world malaria day

biteback_banner728x90.jpgapril 25 (tomorrow) is world malaria day. malaria is one of the leading causes of death in the third world, particularly in parts of africa, where it’s the number one killer of children. the crazy thing about this is that it’s completely preventable. a $10 treated net protect and eliminate the disease for individuals and families who have them; and simple and affordable treatment is available (if made accessible) to those who do contract the disease. in short: this is a killer we should be able to easily eliminate. some stats:

– 350-500 million cases of malaria occur worldwide each year.
– Malaria causes 20 percent of ALL childhood deaths in sub-Saharan Africa.
– 90 percent of malaria deaths occur in Africa—nearly 1 million people.
– Malaria kills 3,000 children each day.

biteback_banner300x250.jpgyouth specialties partnered with compassion international to create the bite back campaign, an effort to enlist youth groups (or any group or individual) in ending malaria.

here’s the website: (get it?)

here’s why bed nets work

and here’s a link to a secure page for donating a net right now.

i encourage you to get involved, both as an individual, and with any group you can rally (youth group, co-workers, small group, family). at ten bucks each, supplying nets that save lives is pretty simple for all of us. to clarify…

Biting back is easy. Just $10 will:
purchase one insecticide-treated bed net and distribute it to someone who needs it and teach that person how to use it
provide education on malaria prevention and control
provide treatment of the child’s home with insecticide
provide medical treatment if the child becomes infected with malaria

4 thoughts on “world malaria day”

  1. It’s great that YS partners with Compassion for projects like this. Keep doing it! I just donated a couple of nets.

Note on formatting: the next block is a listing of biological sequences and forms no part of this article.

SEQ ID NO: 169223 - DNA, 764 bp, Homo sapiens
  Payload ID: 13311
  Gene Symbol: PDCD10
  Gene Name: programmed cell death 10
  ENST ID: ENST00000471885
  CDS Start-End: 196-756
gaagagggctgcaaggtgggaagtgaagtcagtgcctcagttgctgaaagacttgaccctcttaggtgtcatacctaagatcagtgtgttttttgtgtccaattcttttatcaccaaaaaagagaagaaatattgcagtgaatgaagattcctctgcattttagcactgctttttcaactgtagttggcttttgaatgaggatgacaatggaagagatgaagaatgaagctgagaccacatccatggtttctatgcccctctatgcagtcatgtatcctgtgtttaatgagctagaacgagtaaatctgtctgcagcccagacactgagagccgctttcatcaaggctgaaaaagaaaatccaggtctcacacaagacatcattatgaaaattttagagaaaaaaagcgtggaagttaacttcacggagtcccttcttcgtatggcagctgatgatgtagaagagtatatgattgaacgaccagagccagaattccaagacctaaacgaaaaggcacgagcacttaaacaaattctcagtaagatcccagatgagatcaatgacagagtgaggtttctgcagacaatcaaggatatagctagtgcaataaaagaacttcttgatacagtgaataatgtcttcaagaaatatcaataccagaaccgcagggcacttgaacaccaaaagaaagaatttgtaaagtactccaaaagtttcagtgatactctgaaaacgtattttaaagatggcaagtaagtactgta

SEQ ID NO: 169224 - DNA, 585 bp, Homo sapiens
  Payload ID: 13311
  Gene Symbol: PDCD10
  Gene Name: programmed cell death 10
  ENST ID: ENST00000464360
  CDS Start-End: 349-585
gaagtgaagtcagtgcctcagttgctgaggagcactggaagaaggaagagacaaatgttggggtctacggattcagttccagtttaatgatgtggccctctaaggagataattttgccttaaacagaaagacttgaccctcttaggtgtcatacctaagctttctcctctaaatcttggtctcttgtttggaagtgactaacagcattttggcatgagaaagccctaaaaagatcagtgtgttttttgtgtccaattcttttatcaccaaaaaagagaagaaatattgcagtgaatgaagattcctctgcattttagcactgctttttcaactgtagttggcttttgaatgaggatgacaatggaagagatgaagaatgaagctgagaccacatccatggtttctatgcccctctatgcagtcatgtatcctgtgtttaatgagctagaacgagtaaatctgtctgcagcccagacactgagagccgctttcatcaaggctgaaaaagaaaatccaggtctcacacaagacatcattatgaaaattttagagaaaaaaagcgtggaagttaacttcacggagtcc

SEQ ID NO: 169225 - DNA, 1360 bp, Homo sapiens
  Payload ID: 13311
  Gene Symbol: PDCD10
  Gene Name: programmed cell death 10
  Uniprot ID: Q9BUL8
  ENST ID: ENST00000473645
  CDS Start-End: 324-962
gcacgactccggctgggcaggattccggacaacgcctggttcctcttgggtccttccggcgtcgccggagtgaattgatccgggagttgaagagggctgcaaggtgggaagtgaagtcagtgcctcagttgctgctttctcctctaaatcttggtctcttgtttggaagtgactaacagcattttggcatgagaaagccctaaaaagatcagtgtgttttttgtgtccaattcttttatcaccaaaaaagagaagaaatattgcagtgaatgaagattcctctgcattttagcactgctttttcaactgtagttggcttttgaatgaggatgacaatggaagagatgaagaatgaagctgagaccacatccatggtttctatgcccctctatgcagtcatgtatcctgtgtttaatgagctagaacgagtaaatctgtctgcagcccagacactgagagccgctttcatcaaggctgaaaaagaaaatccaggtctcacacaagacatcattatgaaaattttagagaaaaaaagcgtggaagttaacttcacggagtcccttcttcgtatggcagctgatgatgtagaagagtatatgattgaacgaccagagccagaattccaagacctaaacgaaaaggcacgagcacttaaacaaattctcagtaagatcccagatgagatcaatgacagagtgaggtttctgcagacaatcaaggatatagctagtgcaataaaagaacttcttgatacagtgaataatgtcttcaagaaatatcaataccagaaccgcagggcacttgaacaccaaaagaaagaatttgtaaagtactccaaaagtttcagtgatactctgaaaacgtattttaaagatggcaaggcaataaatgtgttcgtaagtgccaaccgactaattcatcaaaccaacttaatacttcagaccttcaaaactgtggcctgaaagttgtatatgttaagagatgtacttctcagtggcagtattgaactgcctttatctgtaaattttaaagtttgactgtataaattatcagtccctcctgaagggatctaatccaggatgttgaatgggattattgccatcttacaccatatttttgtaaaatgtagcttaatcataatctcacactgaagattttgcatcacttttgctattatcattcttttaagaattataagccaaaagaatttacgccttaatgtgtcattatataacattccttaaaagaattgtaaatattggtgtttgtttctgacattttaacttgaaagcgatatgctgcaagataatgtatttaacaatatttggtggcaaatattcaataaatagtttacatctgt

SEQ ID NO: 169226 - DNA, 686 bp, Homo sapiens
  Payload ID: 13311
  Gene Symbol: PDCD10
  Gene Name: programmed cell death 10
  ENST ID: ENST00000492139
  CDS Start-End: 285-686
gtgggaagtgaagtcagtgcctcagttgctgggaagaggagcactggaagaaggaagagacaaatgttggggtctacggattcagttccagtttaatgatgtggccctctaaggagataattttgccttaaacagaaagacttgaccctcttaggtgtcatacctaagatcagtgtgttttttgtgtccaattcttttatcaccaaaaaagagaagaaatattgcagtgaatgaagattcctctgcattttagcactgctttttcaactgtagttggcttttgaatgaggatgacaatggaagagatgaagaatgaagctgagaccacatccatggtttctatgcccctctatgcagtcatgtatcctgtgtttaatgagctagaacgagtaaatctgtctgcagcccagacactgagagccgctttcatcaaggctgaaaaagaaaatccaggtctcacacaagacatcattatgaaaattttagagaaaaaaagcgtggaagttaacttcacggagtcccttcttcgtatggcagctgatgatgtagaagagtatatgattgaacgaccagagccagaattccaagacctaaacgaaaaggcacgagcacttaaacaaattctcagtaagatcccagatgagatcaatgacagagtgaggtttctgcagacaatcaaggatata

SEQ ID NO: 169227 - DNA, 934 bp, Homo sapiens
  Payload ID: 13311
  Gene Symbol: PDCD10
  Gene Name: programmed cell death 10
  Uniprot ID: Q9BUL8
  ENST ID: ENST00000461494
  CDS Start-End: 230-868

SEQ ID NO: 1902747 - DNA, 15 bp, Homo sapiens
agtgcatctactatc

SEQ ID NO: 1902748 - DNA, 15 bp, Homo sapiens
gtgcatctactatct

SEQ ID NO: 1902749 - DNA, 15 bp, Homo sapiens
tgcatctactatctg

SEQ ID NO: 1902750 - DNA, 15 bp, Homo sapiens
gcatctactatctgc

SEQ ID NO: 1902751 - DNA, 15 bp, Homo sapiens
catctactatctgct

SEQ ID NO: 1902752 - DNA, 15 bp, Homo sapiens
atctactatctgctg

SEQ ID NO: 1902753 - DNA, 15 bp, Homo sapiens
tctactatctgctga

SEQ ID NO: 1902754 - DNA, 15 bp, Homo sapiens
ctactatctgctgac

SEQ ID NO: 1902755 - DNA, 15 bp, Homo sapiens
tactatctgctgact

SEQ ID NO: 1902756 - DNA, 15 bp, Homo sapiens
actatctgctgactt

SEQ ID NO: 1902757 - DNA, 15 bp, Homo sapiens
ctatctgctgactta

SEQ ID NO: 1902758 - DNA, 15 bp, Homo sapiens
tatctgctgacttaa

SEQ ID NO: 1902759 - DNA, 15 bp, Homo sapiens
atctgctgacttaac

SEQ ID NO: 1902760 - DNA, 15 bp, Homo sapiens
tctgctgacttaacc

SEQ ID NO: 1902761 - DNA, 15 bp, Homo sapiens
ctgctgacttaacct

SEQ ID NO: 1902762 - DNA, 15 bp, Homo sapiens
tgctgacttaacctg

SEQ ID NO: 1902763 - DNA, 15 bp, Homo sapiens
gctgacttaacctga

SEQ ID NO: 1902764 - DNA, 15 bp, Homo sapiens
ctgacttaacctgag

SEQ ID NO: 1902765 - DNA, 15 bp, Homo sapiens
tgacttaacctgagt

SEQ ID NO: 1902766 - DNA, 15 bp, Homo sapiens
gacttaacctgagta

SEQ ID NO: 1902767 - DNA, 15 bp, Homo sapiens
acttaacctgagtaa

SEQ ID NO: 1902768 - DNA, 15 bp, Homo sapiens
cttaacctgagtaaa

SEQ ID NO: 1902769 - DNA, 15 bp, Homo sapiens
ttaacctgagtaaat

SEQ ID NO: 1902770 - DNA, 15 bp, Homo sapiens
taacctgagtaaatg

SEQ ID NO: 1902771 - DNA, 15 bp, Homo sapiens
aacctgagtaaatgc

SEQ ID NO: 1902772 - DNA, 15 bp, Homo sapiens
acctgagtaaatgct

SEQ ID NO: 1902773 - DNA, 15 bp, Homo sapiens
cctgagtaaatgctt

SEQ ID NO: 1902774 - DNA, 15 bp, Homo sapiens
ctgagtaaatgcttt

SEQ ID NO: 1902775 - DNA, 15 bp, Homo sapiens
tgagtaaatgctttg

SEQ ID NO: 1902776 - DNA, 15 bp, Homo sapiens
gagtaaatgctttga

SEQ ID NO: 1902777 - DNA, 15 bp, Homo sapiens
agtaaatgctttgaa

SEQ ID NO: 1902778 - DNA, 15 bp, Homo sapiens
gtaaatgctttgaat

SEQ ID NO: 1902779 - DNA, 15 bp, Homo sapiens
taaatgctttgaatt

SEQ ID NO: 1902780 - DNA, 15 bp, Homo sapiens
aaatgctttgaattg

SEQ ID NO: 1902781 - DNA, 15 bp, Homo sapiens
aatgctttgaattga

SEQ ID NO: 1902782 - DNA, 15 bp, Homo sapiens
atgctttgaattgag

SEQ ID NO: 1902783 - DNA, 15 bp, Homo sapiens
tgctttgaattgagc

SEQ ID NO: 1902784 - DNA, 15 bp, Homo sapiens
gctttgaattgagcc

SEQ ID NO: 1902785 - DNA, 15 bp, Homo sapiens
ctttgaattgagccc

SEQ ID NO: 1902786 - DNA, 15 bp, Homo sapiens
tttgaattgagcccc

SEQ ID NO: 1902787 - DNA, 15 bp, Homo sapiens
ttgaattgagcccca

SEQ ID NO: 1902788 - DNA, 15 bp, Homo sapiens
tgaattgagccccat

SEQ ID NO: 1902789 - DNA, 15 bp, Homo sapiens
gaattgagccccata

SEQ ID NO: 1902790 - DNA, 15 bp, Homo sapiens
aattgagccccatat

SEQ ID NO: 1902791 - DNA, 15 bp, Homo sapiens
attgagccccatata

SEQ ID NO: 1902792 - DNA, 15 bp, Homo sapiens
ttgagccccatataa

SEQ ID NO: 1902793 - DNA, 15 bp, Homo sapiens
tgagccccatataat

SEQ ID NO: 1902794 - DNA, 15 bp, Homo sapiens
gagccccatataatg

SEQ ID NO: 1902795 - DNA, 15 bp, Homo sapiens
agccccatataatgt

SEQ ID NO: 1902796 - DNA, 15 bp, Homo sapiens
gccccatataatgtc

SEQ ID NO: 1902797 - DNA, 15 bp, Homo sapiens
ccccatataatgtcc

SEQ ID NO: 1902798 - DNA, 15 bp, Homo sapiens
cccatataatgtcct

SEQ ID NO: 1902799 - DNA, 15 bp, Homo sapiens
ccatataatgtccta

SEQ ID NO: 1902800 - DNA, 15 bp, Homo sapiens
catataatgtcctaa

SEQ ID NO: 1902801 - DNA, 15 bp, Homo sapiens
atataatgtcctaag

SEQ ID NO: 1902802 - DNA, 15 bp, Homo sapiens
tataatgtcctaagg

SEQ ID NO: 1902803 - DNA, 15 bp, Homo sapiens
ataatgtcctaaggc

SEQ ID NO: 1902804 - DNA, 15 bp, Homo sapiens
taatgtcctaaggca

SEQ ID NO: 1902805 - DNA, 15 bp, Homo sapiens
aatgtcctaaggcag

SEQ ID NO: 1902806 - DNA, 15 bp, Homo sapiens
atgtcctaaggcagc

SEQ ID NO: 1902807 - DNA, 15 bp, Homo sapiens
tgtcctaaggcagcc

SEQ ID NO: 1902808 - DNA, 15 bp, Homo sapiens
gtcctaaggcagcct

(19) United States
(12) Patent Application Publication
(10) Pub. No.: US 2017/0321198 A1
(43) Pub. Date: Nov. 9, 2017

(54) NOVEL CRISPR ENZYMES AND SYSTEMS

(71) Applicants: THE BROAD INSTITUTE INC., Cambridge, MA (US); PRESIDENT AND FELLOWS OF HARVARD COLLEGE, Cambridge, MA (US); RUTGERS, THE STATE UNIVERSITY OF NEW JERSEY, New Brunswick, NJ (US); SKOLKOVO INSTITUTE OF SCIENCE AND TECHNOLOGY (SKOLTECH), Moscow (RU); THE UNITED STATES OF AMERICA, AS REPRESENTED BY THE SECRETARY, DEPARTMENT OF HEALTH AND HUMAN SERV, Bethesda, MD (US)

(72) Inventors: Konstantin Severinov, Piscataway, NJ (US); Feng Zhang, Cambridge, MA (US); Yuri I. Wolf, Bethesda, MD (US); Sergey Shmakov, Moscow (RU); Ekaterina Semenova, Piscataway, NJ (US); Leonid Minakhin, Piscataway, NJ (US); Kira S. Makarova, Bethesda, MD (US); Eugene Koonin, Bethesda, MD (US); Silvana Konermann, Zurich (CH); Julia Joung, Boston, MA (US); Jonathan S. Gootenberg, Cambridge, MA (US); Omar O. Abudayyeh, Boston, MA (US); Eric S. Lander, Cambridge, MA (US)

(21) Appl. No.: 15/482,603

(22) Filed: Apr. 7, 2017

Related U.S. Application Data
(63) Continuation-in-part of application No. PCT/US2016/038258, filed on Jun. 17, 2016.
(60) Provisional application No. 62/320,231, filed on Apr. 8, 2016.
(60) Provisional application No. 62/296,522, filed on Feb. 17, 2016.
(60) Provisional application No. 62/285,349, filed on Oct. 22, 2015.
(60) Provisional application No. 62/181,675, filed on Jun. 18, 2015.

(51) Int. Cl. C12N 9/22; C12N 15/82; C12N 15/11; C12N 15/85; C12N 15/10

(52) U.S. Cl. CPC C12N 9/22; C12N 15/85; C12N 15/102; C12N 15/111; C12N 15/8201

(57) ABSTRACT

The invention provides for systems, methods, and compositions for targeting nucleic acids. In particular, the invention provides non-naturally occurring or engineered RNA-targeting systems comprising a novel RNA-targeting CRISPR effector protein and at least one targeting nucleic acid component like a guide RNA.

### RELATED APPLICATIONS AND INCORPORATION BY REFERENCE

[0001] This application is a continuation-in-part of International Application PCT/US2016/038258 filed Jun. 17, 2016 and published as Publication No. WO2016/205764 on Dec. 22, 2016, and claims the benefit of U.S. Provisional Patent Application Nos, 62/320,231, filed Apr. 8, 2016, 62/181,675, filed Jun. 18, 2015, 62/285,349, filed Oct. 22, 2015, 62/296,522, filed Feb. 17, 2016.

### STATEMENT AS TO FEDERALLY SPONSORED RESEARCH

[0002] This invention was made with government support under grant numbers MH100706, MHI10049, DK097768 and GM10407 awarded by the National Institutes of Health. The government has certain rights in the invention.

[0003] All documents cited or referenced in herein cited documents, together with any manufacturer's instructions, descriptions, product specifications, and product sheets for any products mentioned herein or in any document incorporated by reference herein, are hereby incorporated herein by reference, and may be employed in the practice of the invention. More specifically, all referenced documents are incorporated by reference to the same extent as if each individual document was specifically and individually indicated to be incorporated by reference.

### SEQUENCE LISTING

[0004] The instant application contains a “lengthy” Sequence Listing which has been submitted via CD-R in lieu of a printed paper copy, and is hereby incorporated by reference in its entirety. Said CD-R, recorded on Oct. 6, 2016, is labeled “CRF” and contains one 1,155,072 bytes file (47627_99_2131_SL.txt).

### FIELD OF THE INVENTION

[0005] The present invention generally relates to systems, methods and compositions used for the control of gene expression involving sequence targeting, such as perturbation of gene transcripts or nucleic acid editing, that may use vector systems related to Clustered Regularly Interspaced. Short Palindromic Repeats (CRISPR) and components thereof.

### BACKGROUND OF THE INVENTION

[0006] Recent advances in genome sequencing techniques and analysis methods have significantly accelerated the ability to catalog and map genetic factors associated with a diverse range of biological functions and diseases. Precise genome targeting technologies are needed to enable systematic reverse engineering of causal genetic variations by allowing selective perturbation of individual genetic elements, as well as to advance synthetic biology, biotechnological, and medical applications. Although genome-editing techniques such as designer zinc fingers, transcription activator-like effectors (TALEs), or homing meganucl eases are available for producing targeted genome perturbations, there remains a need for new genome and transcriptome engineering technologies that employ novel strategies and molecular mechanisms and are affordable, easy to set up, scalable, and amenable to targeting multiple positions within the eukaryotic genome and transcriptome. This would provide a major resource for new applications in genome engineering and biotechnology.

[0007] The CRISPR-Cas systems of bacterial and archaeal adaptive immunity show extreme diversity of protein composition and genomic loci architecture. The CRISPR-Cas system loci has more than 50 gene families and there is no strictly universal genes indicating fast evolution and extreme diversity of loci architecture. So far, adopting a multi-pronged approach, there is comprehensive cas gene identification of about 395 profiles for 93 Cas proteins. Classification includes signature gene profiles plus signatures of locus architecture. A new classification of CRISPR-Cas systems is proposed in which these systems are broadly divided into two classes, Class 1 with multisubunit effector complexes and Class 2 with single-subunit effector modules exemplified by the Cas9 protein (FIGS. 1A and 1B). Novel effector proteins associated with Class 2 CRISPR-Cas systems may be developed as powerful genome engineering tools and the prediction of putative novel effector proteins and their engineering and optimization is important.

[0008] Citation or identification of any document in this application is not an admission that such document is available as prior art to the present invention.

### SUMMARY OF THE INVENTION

P.S.: Are there any tshirts for this? That logo rocks!

  2. Great strides have been made in many places in the fight against malaria, a disease that kills a million people, most of them children, every year. That’s what World Malaria Day is all about. It draws attention to the many successful ways the war against malaria is being waged, mainly through the distribution of insecticide-treated bed nets and other relatively low-tech preventive measures. Unfortunately, children in the Democratic Republic of Congo remain highly vulnerable.

    According to the World Health Organization, less than 1% of DRC children under five years of age sleep under protective nets. This results in most of them suffering six to ten malaria-related fever incidents per year. The disease also accounts for 45% of childhood mortality, which overall runs to 20%. In short, malaria kills nearly one in ten children in the Congo every year.

    In Heart of Diamonds, my novel of the Congo, I explore how continuous armed conflict in the country is responsible for many of these deaths. Medical supplies can’t be distributed when roads, railroads, and airstrips have been destroyed. Treatment can’t be delivered by medical personnel who have been chased from their clinics and hospitals. People driven from their homes, plagued by malnutrition, inadequate shelter, and lack of sanitary facilities are weak and less capable of warding off disease. War creates a breeding ground for death by malaria just as surely as swamps full of stagnant water breed anopheles mosquitoes.

    Although the intensity of conflict has decreased since the truce of 2003 and democratic elections of 2006, millions of displaced persons still struggle to survive and hot spots remain in the eastern and western provinces. Collapsed infrastructure has severely weakened the health system in the DRC, and the strengthening process is a slow one.

    The DRC, unfortunately, has little to celebrate this World Malaria Day.

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